“Doctor Who – Rosa” (Season 11)
Produced by: Chris Chibnall
Featuring: Jodie Whittaker, Bradley Walsh, Tosin Cole and Mandip Gill
The Doctor: “Operation Rosa Parks: We have to make sure we keep history in order.”
Into the third episode of the eleventh season and its a bit of a flashback to very early ‘Who’ in that it takes place in Earth’s past and involves making sure an event occurs to a seemingly pivotal figure in that history. Trips to Earths past used to be a staple of ‘Who’ episodes from the 1st Doctor and well into the Russell T Davies episodes, they were a way to instantly capture an audiences attention while keeping budgets low as well as shortcutting narrative as hopefully viewers we would have an idea of who the episode was about. In this case this new episode deals with Rosa Parks who refused to sit in the ‘coloreds’ only part of a bus in the South of the United States. The events of the her actions would be profound, helping to ignite the civil rights movement along with many other actions, protests and people who believed that all people should be created equal.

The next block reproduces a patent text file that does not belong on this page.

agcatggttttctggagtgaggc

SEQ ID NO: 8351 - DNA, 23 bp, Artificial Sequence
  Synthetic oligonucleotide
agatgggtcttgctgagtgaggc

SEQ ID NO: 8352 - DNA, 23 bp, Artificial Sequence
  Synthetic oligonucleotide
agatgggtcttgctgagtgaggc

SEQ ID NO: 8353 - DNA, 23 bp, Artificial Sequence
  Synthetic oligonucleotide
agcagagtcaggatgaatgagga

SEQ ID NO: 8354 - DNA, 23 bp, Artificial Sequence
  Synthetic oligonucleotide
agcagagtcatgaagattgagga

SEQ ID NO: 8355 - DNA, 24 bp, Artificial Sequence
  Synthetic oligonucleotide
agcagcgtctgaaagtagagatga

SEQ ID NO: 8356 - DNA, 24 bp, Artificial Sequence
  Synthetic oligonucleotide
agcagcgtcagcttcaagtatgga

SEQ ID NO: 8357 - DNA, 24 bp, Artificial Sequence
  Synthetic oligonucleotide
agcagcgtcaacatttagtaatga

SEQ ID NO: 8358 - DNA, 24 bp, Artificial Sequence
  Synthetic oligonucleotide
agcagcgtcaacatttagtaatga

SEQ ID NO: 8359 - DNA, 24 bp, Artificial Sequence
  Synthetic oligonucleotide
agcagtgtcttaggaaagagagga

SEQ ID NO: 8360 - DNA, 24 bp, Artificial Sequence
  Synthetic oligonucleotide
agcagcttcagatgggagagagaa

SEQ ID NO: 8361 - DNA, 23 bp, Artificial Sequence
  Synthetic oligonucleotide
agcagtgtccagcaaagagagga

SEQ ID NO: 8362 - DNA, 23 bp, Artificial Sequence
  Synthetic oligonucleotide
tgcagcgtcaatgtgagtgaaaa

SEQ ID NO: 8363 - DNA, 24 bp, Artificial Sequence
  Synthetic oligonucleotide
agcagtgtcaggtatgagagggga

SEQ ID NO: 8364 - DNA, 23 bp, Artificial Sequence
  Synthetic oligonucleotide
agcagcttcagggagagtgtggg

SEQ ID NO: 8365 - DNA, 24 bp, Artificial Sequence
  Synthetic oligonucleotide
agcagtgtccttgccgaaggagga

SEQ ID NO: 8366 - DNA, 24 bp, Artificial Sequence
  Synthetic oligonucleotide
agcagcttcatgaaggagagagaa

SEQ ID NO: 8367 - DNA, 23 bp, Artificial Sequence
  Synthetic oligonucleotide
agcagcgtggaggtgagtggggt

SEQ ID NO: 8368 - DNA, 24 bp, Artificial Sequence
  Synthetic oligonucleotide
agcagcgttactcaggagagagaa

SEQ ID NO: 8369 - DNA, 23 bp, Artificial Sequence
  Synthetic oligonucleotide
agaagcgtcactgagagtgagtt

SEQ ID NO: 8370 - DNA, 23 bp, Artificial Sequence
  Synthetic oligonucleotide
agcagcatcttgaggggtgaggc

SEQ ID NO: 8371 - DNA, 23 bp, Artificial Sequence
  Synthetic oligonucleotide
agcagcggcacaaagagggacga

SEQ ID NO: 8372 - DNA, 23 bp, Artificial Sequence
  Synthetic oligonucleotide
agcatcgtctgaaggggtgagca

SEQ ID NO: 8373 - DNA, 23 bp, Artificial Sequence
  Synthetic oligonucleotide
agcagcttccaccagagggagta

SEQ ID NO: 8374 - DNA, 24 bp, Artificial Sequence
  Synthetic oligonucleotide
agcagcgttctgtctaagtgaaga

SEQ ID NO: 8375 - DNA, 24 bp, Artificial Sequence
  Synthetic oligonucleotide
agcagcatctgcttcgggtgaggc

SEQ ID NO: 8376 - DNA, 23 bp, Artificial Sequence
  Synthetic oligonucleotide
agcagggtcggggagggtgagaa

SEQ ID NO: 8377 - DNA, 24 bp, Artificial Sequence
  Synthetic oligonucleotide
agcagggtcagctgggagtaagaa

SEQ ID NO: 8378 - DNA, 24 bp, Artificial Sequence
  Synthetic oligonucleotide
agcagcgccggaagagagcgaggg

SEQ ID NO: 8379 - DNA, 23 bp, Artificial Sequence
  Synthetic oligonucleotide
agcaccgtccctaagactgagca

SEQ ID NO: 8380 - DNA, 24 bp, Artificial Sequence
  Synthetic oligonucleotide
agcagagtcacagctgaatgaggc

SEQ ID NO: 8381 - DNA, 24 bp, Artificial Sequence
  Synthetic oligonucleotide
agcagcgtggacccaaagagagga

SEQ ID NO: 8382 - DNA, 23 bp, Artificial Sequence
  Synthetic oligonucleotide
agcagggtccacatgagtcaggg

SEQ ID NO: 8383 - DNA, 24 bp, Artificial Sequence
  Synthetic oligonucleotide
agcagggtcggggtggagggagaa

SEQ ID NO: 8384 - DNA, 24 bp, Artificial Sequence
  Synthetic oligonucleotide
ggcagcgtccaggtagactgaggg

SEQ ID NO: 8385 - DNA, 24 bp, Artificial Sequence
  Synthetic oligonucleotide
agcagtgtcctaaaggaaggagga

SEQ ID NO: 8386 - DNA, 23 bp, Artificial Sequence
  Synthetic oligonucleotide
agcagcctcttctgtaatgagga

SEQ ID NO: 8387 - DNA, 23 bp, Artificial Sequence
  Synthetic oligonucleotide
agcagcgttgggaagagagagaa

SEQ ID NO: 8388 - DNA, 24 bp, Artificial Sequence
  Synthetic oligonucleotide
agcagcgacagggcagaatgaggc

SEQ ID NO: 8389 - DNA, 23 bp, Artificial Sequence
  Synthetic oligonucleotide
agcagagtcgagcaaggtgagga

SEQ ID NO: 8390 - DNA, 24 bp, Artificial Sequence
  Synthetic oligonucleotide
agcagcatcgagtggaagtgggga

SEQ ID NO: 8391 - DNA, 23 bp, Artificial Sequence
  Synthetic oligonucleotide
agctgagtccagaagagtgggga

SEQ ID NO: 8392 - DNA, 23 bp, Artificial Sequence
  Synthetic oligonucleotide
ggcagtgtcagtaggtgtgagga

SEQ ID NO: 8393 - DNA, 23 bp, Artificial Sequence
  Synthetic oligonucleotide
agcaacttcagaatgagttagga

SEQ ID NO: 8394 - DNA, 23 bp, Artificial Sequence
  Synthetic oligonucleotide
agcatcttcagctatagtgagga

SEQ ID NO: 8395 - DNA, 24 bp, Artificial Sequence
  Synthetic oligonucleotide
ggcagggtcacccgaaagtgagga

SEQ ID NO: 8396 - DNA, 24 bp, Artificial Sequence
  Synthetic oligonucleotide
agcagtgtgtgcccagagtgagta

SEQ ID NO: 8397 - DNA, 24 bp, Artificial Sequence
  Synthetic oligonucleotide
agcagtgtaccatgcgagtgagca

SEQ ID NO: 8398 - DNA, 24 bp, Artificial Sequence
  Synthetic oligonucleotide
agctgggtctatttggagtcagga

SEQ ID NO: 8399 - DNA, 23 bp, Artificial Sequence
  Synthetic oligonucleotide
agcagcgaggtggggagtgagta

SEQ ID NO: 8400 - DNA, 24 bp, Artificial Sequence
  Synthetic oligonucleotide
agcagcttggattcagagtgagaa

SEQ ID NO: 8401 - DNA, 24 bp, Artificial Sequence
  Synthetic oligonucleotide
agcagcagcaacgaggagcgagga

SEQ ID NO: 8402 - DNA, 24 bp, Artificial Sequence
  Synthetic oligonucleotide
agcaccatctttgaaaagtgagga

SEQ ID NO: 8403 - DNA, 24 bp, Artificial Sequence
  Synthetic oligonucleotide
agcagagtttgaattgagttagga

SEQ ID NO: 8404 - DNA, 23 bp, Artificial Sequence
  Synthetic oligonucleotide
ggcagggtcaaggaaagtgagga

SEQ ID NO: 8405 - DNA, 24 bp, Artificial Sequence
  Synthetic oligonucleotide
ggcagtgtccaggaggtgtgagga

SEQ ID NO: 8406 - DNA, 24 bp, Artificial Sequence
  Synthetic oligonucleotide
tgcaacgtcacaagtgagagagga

The other aspect of this episode is an old ‘Who’ trope of the inability of the titular charter unable to control the TARDIS properly so seemingly ending up in places that were not planned but seem to be destined to intervene in events. So we have two aspects that collide as well as being illustrated directly by the fact that two of the Doctors friends are non-white and within a few minutes of arriving in the South are confronted by the racism that existed in that time, of course as we find out these may be magnified by the fact that Rosa Parks might not actually succeed in her actions because of some other worldly event – remember this is still “Doctor Who”!
Of course the main ‘bad guy’ of this episode is not really the person from another planet but the treatment of minorities in the South in 1955, it also illustrates perfectly how far we as a people have come, as well as how far there is to go. It goes without saying that the real heroes of this episode are the characters of Rosa Parks as well as all those who were around here, as well as those that were to come and exist now. What I loved about this historical episode was how subtle it was, how it wrapped a narrative around real events all the while balancing humor, drama and it has to be said the horror of racism. The central premise, as well as the pivotal event when it occurs, is a completely powerful scene, as well as overwhelming, this is fitting with the casting of the new Doctor as well as the supporting cast; has there been a more poignant episode ever of “Doctor Who” to date without being preachy or knowing, witnessing history through the eyes of others who all know how important their part in history was.